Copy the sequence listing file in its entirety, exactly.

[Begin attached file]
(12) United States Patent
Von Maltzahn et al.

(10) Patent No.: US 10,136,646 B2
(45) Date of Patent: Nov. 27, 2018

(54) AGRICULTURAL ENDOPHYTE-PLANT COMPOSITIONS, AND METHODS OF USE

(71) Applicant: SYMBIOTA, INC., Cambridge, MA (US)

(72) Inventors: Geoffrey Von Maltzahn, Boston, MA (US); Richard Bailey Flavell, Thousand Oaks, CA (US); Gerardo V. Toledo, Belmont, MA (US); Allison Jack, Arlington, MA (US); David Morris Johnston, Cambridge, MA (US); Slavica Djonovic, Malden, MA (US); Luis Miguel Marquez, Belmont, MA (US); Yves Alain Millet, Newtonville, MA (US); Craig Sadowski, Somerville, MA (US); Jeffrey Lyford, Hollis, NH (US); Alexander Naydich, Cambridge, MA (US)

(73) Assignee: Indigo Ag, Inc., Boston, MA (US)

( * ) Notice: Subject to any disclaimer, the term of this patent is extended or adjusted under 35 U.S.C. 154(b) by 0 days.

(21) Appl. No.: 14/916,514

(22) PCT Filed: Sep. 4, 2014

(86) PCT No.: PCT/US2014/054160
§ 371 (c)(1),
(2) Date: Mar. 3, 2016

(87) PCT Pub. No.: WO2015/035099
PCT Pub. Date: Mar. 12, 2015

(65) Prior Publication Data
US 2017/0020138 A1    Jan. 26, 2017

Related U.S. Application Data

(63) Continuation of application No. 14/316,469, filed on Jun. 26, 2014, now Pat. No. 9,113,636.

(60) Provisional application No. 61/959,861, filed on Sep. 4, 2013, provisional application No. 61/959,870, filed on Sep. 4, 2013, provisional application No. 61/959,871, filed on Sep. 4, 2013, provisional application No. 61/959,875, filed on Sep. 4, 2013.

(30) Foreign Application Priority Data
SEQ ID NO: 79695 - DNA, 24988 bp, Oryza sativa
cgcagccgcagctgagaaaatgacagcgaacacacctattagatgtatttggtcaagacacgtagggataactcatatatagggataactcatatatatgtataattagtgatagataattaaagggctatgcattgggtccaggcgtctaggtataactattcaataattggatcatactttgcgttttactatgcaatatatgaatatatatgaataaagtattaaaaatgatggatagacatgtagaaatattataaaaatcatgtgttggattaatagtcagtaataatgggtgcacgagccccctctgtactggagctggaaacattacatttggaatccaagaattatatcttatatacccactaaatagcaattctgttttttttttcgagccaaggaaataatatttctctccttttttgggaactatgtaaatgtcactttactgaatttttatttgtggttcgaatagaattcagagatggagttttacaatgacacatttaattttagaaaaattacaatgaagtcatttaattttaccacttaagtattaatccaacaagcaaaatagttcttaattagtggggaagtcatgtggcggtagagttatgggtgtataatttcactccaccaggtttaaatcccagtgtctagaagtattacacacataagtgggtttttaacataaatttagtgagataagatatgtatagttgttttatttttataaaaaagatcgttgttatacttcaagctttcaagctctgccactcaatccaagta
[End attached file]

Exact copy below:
(12) United States Patent
Von Maltzahn et al.

(10) Patent No.: US 10,136,646 B2
(45) Date of Patent: Nov. 27, 2018

(54) AGRICULTURAL ENDOPHYTE-PLANT COMPOSITIONS, AND METHODS OF USE

(71) Applicant: SYMBIOTA, INC., Cambridge, MA (US)

(72) Inventors: Geoffrey Von Maltzahn, Boston, MA (US); Richard Bailey Flavell, Thousand Oaks, CA (US); Gerardo V. Toledo, Belmont, MA (US); Allison Jack, Arlington, MA (US); David Morris Johnston, Cambridge, MA (US); Slavica Djonovic, Malden, MA (US); Luis Miguel Marquez, Belmont, MA (US); Yves Alain Millet, Newtonville, MA (US); Craig Sadowski, Somerville, MA (US); Jeffrey Lyford, Hollis, NH (US); Alexander Naydich, Cambridge, MA (US)

(73) Assignee: Indigo Ag, Inc., Boston, MA (US)

( * ) Notice: Subject to any disclaimer, the term of this patent is extended or adjusted under 35 U.S.C. 154(b) by 0 days.

(21) Appl. No.: 14/916,514

(22) PCT Filed: Sep. 4, 2014

(86) PCT No.: PCT/US2014/054160
§ 371 (c)(1),
(2) Date: Mar. 3, 2016

(87) PCT Pub. No.: WO2015/035099
PCT Pub. Date: Mar. 12, 2015

(65) Prior Publication Data
US 2017/0020138 A1    Jan. 26, 2017

Related U.S. Application Data

(63) Continuation of application No. 14/316,469, filed on Jun. 26, 2014, now Pat. No. 9,113,636.

(60) Provisional application No. 61/959,861, filed on Sep. 4, 2013, provisional application No. 61/959,870, filed on Sep. 4, 2013, provisional application No. 61/959,871, filed on Sep. 4, 2013, provisional application No. 61/959,875, filed on Sep. 4, 2013.

(30) Foreign Application Priority Data
SEQ ID NO: 79695 - DNA, 24988 bp, Oryza sativa
cgcagccgcagctgagaaaatgacagcgaacacacctattagatgtatttggtcaagacacgtagggataactcatatatagggataactcatatatatgtataattagtgatagataattaaagggctatgcattgggtccaggcgtctaggtataactattcaataattggatcatactttgcgttttactatgcaatatatgaatatatatgaataaagtattaaaaatgatggatagacatgtagaaatattataaaaatcatgtgttggattaatagtcagtaataatgggtgcacgagccccctctgtactggagctggaaacattacatttggaatccaagaattatatcttatatacccactaaatagcaattctgttttttttttcgagccaaggaaataatatttctctccttttttgggaactatgtaaatgtcactttactgaatttttatttgtggttcgaatagaattcagagatggagttttacaatgacacatttaattttagaaaaattacaatgaagtcatttaattttaccacttaagtattaatccaacaagcaaaatagttcttaattagtggggaagtcatgtggcggtagagttatgggtgtataatttcactccaccaggtttaaatcccagtgtctagaagtattacacacataagtgggtttttaacataaatttagtgagataagatatgtatagttgttttatttttataaaaaagatcgttgttatacttcaagctttcaagctctgccactcaatccaagta